The Russians are always threats, and after winning the silver in London in 2012 with the help of returning gymnast Aliya Mustafina, the Russians will be competing for the Silver or Bronze again later today. The Russian team also has a couple of stars in Seda Tutkhalyan and Maria Paseka ready to compete, and it should make for an intriguing meet for them.

Also competing for a top medal will be the Chinese team. The Chinese team will feature bars master Fan Yillin, Shang Chunsong who will have strong beam and floor routines, as well as Wang Yan who had a decent qualifying. 

A couple of teams will need to be a little better

Two more teams who only need a slight boost from qualifying to medal are the home-town favorite Brazilians and the emerging team from Great Britain. 

The Brazilians had a nice qualifying lead by Rebeca Andrade, who would have finished with the Bronze medal due to the two per country rule after finishing behind Simone Biles, Aly Raisman and Gabby Douglas in the all-around standings. Flavia Saraiva will also be a threat for Brazil after she had an excellent qualifying round as well. Daniele Hypolito will also be a name to watch for Brazil, particualarly on floor, while Jade Barbosa will have to make up a little bit of ground to get her team in medal position. 

The Great Britain team led by the Downie sisters of Becky Downie and Ellie Downie will also be a threat for a medal. It could be said that had Ellie not gotten injured the Britains would have qualified much higher as Ellie had to take a reduced score on floor. If she can compete to her full capabilites as is likely, don't be surprised if the Great Britain team which also features Claudia Fragapane and Amy Tinkler finishes with a medal.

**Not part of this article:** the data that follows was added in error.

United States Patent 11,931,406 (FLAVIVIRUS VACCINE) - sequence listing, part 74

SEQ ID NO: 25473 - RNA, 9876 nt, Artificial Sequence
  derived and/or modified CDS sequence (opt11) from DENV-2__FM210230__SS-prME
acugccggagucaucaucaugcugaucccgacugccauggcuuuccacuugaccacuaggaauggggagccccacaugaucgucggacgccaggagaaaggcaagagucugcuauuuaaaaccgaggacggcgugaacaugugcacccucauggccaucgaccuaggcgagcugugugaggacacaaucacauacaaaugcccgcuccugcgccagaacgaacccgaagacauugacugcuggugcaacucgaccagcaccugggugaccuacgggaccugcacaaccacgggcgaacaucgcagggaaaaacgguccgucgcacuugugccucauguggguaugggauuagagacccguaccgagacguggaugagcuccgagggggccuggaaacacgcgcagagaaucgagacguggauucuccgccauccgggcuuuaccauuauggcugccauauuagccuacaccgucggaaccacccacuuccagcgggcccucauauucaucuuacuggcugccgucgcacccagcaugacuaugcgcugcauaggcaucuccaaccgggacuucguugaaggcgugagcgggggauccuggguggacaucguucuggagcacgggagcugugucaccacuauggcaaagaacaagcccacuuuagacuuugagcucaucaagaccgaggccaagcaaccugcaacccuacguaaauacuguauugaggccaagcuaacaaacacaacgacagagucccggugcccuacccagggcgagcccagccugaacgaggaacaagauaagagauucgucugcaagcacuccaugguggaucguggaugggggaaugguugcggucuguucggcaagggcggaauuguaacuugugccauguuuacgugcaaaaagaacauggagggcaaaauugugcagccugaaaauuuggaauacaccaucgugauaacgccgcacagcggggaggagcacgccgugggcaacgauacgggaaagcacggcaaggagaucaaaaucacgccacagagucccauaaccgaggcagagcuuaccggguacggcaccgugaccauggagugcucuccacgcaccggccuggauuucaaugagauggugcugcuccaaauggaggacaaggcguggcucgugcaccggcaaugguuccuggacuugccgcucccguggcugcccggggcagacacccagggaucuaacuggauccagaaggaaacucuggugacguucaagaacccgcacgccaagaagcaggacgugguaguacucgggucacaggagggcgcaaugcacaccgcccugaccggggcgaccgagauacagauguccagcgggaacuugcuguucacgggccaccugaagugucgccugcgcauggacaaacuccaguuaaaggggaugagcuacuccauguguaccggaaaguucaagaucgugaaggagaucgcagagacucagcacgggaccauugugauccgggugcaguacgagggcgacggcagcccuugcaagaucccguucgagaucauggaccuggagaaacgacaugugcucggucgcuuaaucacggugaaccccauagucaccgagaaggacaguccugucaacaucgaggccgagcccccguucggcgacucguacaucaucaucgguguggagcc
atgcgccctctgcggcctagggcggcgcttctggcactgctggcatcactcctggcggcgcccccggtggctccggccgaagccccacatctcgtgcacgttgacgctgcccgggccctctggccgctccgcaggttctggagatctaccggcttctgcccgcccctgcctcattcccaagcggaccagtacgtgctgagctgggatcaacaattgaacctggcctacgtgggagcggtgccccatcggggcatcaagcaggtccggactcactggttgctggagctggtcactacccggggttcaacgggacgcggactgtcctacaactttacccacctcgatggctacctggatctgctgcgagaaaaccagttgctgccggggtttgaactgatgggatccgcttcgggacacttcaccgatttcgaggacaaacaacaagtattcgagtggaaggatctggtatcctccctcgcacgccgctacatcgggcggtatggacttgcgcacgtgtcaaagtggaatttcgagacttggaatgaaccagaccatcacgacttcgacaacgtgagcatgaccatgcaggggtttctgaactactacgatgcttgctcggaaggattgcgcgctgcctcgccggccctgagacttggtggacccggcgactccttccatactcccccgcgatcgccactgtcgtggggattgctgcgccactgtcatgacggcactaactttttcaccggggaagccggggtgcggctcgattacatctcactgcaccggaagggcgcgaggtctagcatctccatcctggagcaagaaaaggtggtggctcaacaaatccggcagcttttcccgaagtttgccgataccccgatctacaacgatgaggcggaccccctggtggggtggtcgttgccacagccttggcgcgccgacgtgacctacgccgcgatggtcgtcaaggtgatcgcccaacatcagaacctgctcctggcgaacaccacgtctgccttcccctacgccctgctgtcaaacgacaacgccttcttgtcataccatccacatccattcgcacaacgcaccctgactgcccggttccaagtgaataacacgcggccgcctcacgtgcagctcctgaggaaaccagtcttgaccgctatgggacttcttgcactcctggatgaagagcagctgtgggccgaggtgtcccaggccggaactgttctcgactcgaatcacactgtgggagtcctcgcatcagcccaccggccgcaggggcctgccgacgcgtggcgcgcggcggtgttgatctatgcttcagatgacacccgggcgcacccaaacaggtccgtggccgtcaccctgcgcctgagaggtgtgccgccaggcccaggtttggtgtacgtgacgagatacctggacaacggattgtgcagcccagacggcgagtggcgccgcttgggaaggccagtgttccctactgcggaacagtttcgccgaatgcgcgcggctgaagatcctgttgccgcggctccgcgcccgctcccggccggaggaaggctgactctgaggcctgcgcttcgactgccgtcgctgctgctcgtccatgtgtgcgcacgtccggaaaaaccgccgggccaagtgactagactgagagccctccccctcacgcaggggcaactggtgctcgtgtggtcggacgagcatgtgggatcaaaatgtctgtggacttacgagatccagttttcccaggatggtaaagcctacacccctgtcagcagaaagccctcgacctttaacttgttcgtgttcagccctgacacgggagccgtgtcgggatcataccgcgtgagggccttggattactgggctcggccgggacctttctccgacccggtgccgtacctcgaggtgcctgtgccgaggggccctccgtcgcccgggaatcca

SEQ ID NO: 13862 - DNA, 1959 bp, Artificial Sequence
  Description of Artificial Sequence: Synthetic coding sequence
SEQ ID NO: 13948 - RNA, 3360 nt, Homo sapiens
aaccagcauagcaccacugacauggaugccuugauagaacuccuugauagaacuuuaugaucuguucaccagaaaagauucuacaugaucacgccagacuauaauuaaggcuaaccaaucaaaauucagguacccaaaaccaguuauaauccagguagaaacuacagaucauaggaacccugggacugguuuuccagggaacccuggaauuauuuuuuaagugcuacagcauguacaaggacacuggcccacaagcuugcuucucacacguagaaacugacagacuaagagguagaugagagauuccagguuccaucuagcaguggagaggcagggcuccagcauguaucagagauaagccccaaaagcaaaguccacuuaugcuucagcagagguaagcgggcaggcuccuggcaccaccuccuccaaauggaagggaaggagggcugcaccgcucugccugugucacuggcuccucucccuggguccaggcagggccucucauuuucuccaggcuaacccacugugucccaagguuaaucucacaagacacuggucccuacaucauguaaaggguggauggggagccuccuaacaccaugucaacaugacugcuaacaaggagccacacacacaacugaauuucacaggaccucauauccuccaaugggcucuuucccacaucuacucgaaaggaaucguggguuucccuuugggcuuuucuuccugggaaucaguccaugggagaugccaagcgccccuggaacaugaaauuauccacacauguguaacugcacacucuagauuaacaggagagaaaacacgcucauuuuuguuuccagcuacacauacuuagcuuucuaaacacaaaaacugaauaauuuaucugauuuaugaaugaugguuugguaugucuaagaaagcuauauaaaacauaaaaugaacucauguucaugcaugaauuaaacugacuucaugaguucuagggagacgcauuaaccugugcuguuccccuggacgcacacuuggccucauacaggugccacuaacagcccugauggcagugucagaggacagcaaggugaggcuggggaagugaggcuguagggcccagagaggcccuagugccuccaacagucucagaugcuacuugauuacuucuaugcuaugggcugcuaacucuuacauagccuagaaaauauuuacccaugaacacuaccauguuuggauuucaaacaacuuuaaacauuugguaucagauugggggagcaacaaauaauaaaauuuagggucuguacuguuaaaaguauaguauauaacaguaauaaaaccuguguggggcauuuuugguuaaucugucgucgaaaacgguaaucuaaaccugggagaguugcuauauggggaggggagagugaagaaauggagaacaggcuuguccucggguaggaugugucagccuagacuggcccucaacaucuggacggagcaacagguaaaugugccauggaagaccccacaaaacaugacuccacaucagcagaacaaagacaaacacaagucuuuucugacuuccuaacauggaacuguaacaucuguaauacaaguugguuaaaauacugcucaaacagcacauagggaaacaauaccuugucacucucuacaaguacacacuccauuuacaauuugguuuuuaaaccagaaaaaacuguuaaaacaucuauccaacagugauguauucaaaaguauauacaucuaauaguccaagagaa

The outsiders who have little chance

The final three teams competing for a medal are Germany, Japan and the Netherlands.

Japan, who finished with a gold in men's does not have a chance to double up on golds, and likely won't even come away with any medal on the women's side today. 

Germany is a team who might be interesting to watch on Uneven bars, with two strong bars artists in Elisabeth Seitz and Sophie Scheder. Beyond bars though, they don't look to make too much of an impact on the standings, and the American and Russian duos of Kocian/Douglas and Mustafina/Daria Spiridonova still performed better than the German pair.

The Netherlands are resting their hopes on all-around gymnast Eythora Thorsdottir and beam specialist Sanne Wevers to have even the slightest chance of a medal today. 

One of the best women's gymnastics pools ever

The medal podium in London. This year's will not be as predictable. Photo Credit: Cameron Spencer of Getty Images
The medal podium in London. This year's will not be as predictable. Photo Credit: Cameron Spencer of Getty Images

London in 2012 was headlined by a battle between the United States and Russia for gold, and a battle between China and Romania (who actually failed to qualify this cycle) for Bronze. Outside of those four teams, there wasn't any real competition. 

Meanwhile, outside of the near-certain United States gold medal that everyone has come to expect, it's going to be great gymnastics, and should come down to the wire for who will get the Silver and Bronze medals.